It's easier to upload your GEDCOM data to MyHeritage, and the system is better at incorporating the GEDCOM into your search for family members. You can also upload your existing Wikitree family tree to MyHeritage, so any missing links Wikitree throws up could be cleaned by missing existing profiles on My Heritage.

The free plan on MyHeritage offers space for 250 individuals in your family tree as well as 500mB space for photos and documents. However, it doesn't allow access to MyHeritage's extensive historical records.

Beyond the basic plan, MyHeritage offers four subscription plans ranging from $129 up to $299, with big discounts on the first year for each plan. Each of these offers increasingly more helpful tools, such as Supersearch, which allows you to search all MyHeritage family and profile sites, as well as the Smart Match, merge tool, which compares data between members of your family tree and every other to locate potential matches between yours and other trees.

As MyHeritage is a much more comprehensive genealogy site with a fully integrated DNA testing service, it's unfair to compare it to Wikitree, which is simply a family tree tool. Wikitree is free, and the G2G forum can provide a much-needed helping hand, but both can and should, be used in tandem to ensure your research is as complete as possible.

Wikitree Frequently Asked Questions

Can I get a DNA test from Wikitree?

No. Wikitree is purely a DNA ancestor confirmation aid and not a DNA testing site. It's a great tool to expand your research, and any extra resource you have to trace and build your family tree is a boon for your investigation.

How much does Wikitree cost?

Wikitree is a free platform that offers a number of upgraded functions that are also entirely free.

Is Wikitree accurate?

Wikitree is built by its users and moderated by users with higher authority, so while no official employees are ensuring their information is correct, their records are held to a high standard, with duplicate profiles regularly being merged and accurate ones deleted.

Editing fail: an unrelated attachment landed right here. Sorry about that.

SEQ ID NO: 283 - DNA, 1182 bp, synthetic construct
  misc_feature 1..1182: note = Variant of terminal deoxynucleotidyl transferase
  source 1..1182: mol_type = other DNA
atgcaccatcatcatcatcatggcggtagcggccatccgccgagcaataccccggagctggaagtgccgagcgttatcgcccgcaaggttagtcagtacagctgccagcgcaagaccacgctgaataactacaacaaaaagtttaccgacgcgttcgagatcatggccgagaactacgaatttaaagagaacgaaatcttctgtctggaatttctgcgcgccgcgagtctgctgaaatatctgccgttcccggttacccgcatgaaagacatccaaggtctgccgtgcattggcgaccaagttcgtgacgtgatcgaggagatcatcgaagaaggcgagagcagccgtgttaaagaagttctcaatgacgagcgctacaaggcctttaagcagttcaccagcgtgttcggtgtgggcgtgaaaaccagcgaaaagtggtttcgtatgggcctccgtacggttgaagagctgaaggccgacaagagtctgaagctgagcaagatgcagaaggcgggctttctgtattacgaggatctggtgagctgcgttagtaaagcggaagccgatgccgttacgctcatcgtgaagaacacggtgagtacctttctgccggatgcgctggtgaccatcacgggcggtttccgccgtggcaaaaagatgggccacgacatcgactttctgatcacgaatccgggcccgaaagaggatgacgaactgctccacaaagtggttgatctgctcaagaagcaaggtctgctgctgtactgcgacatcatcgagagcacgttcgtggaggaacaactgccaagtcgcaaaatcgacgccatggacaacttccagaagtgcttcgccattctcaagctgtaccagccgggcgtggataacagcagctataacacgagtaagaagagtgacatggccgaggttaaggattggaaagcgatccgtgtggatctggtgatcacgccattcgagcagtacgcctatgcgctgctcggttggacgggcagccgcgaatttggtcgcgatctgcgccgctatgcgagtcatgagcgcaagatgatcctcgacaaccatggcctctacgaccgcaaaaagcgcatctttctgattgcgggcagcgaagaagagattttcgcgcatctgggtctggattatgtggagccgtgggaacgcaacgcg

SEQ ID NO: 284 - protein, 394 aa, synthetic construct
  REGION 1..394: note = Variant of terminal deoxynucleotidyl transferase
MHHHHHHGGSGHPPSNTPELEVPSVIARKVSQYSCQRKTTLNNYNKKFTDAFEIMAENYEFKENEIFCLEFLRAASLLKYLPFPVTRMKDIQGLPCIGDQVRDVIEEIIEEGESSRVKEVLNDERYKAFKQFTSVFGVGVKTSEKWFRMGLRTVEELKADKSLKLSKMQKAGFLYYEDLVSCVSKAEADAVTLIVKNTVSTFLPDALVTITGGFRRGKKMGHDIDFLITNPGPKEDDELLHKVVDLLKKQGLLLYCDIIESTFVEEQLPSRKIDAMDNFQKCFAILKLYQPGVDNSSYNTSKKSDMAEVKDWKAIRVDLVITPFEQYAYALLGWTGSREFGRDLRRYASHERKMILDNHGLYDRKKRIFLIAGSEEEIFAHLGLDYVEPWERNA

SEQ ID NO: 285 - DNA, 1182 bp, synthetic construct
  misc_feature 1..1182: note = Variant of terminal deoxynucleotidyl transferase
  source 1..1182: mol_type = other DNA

There is only so much these moderators can do, and as anyone can upload information to Wikitree, there is likely to be inaccurate information they haven't yet cleaned up. This is why it's important to be responsible and only upload valid data to maintain the integrity of this project.

Can I link Wikitree with other genealogy sites?

If you've had a DNA test with a provider such as AncestryDNA or MyHeritage, you can upload your results to Wikitree to make your profile more legitimate and complete. However, Wikitree doesn't verify this information or use it in any way by listing it on your profile.

You can also upload your Wikitree profile to fill in empty spaces in your tree that might be occupied by ancestors who don't appear on Wikitree but are listed on competitor sites.

The Bottom Line

The undertaking of a mission statement of a project like Wikitree can't be understated, and assembling 40 million profiles into a worldwide family tree is a staggering achievement, but whether or not it's an effective tool for deepening your personal tree is in question.

The world of family tree building sites is small but competitive, demanding a basic level of fluidity and ease in their interfaces.

Wikitree has a simple appearance that doesn't attempt to compete with more aesthetically pleasing sites such as MyHeritage.

This is more than likely down to Wikitree being completely free, which is a plus many competitor sites don't offer. Maintaining a truly competitive website both in appearance and complexity is extremely difficult on a non-profit basis, so we can forgive Wikitree for being less pleasing and comprehensive than paid platforms.

If you want a more attractive tool with a wider range of applications, then paying for it is smart.

A basic program like Wikitree is best used in tandem with a service like AncestryDNA and not as a standalone tool, that is, unless you're happy simply adding to your own family tree.

Wikitree is a good system for potentially connecting with family members and for speaking with like-minded have-a-go genealogists, but for rewarding, deep ancestral investigations, it won't take you much further.

Neil Edwards

Neil Edwards

Genealogist and family-tree research specialist

Neil was born in Shropshire, England surrounded by centuries of living history. His interest in the past has been a lifelong passion leading to undergraduate degrees in both Economic History & Geography and History & Politics.

This interest in history quickly translated to family history when he moved to the U.S. in 2010. It was here that he began working on his own family tree as well as that of his American wife. That research allowed him to gain a wealth of experience working with both U.S. and European genealogical documents and studying their best uses in researching family history.

Following 9 years of honing his genealogical research skills, Neil was proud to have earned a certificate in Genealogical Research from Boston University in late 2019. Neil also took part in the research process for a Duke University study into the families of 19th Century UK Members of Parliament.